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The Art of Upcycling

Reiner Pilz first used the term ‘upcycle’ in 1994. He neatly pointed out that there are two types of recycling – upcycling and downcycling. Most of recycling is confined to downcycling. This is when unwanted items are melted or crushed down or otherwise treated to make a resource that is of less value. Recycling aluminum cans, glass bottles and plastic bags to extract raw materials for other industrial processes are examples of downcycling.

♻ In contrast upcycling (or repurposing) is about taking a discarded item and changing it into an item which has greater value than the original item. Upcycling requires more imagination than downcycling and has been practiced in developing countries long before Reiner Pilz coined the term. I remember my first trip to Bangkok in 1990 marveling at the mini sculptures of tuk tuks made from aluminum cans. Poor people have always had a way of improvising solutions to problems of shortage with the materials at hand. Another example from my journeys of upcycling is from Pakistan. There they use old truck and car tires to make sandals that are strong and comfortable.

♻ It is only recently that the developed world has caught onto the potential of upcycling both for producing cheap goods and for being environmentally friendly. The great thing about upcycling is that it often avoids the carbon intensive machinery and processes involved in downcycling. Thus, upcycling is a good way to reduce carbon emissions and help fight climate change. Also using plastics and other non-biodegradable materials for upcycling helps to limit air and water pollution. Furthermore, upcycling reduces the consumption of new materials.

♻ The big challenge to big companies is that upcycling is often labor intensive and involves a different mind-set to many standard business models. It is not about collecting tons of recycled waste, putting it through an industrial process and coming out with hundreds of thousands of identical units that can be packaged, marketed and sold in the same manner as any other consumer product. This is true of recycled paper but not of upcycled goods.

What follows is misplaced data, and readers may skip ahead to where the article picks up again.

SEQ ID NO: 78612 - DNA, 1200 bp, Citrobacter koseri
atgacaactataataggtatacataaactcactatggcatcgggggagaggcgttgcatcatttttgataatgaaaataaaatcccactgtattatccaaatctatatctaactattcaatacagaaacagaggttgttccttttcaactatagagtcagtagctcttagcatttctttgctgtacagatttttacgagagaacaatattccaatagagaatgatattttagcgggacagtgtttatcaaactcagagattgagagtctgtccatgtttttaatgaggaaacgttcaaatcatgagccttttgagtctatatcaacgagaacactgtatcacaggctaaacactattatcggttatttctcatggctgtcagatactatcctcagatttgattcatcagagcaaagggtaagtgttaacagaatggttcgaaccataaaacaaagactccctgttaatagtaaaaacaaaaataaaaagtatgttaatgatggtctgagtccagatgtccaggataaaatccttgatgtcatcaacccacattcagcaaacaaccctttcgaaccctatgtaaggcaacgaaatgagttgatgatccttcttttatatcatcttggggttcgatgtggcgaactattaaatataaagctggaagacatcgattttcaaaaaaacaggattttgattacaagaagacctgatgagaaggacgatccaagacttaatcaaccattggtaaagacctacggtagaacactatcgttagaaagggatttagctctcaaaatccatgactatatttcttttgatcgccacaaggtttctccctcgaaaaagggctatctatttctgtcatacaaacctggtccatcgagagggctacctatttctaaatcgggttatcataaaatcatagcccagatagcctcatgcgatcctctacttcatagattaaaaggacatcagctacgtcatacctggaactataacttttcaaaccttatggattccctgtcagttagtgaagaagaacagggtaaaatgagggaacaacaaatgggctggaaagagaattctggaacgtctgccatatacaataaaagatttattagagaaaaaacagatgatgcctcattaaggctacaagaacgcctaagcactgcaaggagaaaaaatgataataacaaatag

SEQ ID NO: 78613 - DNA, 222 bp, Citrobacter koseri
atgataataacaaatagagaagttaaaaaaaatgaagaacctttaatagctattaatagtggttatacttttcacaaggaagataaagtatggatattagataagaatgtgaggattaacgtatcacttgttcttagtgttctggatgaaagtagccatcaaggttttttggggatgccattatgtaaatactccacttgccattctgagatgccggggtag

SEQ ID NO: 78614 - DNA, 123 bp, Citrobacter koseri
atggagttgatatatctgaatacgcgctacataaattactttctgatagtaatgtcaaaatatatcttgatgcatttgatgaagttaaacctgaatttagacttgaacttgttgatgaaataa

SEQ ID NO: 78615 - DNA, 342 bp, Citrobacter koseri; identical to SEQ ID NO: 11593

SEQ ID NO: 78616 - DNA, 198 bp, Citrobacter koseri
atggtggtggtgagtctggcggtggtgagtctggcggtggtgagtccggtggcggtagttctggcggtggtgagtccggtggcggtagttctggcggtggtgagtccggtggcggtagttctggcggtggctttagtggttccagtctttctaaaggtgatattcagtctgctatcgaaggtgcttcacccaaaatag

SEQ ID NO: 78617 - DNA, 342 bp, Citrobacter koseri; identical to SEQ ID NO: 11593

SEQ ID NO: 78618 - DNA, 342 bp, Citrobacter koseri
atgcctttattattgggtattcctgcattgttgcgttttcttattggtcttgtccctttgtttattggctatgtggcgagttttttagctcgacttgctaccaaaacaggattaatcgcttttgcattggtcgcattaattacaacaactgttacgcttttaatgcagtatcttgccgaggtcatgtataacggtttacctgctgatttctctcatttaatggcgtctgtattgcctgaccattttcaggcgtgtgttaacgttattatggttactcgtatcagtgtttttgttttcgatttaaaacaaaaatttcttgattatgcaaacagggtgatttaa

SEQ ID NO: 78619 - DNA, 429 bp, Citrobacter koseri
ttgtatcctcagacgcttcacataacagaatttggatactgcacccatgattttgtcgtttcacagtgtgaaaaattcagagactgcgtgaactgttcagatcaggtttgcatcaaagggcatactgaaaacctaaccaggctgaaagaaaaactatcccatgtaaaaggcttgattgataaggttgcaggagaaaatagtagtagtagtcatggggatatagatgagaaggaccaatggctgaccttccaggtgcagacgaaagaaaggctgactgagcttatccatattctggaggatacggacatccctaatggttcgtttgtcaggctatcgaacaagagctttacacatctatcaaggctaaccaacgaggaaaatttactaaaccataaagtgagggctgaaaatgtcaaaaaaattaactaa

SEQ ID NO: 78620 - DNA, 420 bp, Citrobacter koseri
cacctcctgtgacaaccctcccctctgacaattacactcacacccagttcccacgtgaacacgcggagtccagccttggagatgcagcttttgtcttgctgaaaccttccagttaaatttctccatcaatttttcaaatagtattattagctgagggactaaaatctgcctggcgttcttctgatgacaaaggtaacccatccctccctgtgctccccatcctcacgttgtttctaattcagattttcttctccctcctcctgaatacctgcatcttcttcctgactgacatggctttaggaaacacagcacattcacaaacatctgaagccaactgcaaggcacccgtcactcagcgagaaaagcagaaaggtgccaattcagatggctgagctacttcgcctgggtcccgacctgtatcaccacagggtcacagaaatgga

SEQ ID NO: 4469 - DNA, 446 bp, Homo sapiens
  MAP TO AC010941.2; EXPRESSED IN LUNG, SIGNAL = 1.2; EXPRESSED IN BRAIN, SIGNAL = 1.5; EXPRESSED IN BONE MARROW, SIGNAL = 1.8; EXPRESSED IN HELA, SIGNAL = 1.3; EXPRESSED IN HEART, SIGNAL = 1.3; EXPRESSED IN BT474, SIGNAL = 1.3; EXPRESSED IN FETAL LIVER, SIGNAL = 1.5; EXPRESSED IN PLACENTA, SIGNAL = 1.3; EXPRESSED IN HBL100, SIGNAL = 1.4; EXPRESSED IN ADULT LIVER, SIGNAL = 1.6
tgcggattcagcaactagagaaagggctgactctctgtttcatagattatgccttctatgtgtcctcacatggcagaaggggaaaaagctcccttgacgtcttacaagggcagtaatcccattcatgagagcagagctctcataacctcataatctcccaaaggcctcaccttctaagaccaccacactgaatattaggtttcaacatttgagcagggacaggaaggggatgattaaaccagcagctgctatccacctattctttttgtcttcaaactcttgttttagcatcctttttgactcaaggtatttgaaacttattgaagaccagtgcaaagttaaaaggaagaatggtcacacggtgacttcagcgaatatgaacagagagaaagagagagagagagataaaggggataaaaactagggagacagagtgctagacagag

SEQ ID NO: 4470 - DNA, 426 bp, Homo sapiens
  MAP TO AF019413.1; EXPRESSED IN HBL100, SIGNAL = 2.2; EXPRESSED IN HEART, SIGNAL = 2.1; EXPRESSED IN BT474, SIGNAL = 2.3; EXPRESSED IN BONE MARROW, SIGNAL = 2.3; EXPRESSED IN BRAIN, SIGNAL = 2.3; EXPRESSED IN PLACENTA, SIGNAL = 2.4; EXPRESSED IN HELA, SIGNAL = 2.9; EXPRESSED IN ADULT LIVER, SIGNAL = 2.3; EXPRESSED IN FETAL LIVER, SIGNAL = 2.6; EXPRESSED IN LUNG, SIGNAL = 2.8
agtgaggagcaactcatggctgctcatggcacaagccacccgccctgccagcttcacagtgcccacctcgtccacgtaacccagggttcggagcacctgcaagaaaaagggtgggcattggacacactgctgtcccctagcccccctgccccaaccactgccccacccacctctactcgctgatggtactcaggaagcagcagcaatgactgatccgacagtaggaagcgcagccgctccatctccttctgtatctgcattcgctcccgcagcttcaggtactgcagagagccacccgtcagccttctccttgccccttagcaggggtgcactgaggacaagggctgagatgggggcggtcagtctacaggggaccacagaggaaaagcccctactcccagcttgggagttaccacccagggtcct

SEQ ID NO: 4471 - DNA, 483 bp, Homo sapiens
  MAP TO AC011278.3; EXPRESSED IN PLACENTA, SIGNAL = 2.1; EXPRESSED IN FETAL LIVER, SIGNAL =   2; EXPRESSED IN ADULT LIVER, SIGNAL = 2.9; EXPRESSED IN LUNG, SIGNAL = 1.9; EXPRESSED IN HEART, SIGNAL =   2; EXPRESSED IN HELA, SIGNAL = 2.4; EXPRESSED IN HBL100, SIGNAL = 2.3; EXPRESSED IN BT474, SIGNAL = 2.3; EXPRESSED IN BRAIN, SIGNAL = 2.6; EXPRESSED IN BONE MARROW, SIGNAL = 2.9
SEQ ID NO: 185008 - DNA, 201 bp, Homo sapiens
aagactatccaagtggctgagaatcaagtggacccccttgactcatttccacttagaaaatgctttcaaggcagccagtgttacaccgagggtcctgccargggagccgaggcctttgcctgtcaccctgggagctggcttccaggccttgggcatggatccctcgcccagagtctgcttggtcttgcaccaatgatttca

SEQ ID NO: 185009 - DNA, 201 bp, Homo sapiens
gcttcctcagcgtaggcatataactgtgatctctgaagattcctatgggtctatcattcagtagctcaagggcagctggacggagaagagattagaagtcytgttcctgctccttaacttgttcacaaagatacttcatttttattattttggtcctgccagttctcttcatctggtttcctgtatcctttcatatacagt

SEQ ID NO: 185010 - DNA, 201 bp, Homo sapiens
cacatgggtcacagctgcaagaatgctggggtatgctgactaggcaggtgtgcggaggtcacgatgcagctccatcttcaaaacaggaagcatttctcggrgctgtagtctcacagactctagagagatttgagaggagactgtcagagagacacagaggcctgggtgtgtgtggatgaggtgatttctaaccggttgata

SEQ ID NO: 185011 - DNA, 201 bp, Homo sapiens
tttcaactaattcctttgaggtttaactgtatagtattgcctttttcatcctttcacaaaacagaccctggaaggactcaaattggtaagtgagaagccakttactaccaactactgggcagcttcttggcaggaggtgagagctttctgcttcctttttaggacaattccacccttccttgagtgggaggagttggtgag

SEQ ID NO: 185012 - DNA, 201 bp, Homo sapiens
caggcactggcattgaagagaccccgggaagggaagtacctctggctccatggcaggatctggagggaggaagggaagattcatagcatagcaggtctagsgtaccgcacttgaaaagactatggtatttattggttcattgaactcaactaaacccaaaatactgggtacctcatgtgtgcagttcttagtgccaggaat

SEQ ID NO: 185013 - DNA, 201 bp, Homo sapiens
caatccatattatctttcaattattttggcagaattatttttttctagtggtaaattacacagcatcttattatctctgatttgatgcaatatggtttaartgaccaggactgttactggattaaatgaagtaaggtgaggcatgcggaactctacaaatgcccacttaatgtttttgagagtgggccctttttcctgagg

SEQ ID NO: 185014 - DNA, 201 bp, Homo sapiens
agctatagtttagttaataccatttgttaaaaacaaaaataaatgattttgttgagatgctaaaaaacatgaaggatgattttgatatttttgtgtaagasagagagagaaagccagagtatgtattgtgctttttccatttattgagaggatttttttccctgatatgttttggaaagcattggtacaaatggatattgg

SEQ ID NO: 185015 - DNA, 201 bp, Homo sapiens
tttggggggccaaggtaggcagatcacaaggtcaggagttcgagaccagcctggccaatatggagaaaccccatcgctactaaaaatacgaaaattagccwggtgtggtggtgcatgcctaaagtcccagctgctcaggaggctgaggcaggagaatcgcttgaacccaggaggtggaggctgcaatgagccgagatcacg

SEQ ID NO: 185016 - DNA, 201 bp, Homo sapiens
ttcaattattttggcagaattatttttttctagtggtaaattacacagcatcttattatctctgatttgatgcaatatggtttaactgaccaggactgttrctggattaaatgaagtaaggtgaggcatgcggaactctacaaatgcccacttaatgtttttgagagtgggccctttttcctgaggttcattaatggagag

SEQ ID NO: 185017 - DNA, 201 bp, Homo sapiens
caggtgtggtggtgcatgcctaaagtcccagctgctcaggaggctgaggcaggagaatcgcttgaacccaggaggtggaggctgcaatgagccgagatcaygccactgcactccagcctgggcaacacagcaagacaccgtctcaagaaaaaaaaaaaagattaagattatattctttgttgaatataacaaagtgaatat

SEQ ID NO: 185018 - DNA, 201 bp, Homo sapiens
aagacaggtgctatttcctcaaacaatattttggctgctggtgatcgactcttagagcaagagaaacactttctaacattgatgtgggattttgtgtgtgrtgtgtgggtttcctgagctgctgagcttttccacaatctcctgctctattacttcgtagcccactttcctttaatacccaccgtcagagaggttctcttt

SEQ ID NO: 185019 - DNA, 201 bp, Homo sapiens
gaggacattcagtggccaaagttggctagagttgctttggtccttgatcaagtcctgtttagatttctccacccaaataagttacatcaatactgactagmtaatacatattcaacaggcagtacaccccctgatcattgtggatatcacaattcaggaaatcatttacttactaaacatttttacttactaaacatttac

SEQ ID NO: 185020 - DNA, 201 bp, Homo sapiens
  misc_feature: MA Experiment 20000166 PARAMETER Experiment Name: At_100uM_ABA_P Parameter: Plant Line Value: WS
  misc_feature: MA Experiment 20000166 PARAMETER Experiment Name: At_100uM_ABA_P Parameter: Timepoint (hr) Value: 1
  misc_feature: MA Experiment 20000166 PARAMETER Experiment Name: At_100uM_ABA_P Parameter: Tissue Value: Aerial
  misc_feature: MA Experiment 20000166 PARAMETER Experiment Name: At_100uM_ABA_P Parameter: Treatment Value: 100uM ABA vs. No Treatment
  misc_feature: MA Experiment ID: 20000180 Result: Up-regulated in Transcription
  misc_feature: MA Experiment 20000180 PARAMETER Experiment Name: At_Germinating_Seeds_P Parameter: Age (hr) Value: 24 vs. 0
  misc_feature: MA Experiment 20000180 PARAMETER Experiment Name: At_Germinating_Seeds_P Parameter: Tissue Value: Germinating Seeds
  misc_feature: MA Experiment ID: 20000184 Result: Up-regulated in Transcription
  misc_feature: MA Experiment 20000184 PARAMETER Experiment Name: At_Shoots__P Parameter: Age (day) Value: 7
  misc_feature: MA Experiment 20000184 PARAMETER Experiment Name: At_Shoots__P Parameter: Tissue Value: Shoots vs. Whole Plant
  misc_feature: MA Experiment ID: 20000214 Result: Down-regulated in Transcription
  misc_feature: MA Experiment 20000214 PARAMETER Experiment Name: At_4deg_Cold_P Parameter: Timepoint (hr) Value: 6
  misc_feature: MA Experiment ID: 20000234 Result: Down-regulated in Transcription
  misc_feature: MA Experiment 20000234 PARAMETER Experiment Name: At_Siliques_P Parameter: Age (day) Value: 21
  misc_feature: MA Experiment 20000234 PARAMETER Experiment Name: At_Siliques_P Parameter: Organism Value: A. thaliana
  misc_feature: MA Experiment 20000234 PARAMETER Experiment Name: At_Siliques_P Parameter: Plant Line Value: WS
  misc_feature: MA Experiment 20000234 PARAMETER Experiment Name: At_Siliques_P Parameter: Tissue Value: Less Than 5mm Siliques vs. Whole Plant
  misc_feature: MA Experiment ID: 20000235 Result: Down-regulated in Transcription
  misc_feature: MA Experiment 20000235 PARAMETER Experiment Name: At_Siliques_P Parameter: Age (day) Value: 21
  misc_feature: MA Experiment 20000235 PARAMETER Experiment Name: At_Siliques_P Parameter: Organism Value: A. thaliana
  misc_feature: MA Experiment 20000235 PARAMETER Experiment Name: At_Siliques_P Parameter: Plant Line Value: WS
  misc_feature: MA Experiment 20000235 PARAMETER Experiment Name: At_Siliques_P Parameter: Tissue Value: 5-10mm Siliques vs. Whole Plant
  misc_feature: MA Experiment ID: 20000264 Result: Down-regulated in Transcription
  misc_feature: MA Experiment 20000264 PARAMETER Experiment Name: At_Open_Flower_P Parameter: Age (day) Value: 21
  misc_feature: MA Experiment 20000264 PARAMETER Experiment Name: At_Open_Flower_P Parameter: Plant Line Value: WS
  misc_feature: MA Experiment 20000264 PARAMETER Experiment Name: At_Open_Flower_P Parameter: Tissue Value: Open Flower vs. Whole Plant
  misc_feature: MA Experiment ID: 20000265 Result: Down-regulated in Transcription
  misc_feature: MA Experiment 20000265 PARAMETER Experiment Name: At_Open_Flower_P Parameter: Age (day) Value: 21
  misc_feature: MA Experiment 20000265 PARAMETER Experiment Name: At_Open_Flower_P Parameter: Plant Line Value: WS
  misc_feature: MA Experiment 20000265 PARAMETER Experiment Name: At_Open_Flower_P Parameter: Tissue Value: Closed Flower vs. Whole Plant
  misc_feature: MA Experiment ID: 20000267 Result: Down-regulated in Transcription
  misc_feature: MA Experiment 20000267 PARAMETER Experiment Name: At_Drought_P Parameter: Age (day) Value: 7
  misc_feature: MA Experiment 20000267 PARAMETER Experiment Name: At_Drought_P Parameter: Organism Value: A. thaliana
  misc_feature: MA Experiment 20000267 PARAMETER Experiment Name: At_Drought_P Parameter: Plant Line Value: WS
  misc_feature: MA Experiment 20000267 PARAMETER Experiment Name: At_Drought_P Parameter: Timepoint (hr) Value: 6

Of course upcycled goods can be standardized to certain specifications but because the raw materials are being manipulated not boiled down, crushed or melted the finished product often retains some of the original characteristics of the material it was made from. Thus, although the laptop cases on Amazon made from wet suits look fairly regular they are not going to be identical because wetsuits have different parts, stitching and colors.

It is for this reason that art is one of the most successful areas for upcycling. Upcycling in art can be used to make a statement or it can be used to make unusual pieces of craft and jewelry.

Indeed a lot of jewelry business is based on upcycling because they often take precious stones and gems salvaged from other ornamental items and make pieces with more value by adding craftsmanship.

👍 As natural resources become scarcer and as we find it harder to deal with the growing mountains of unwanted, non-biodegradable petroleum based products we will be forced to use our imaginations more and more to think of alternative uses for our consumer waste and here is where upcycling becomes important.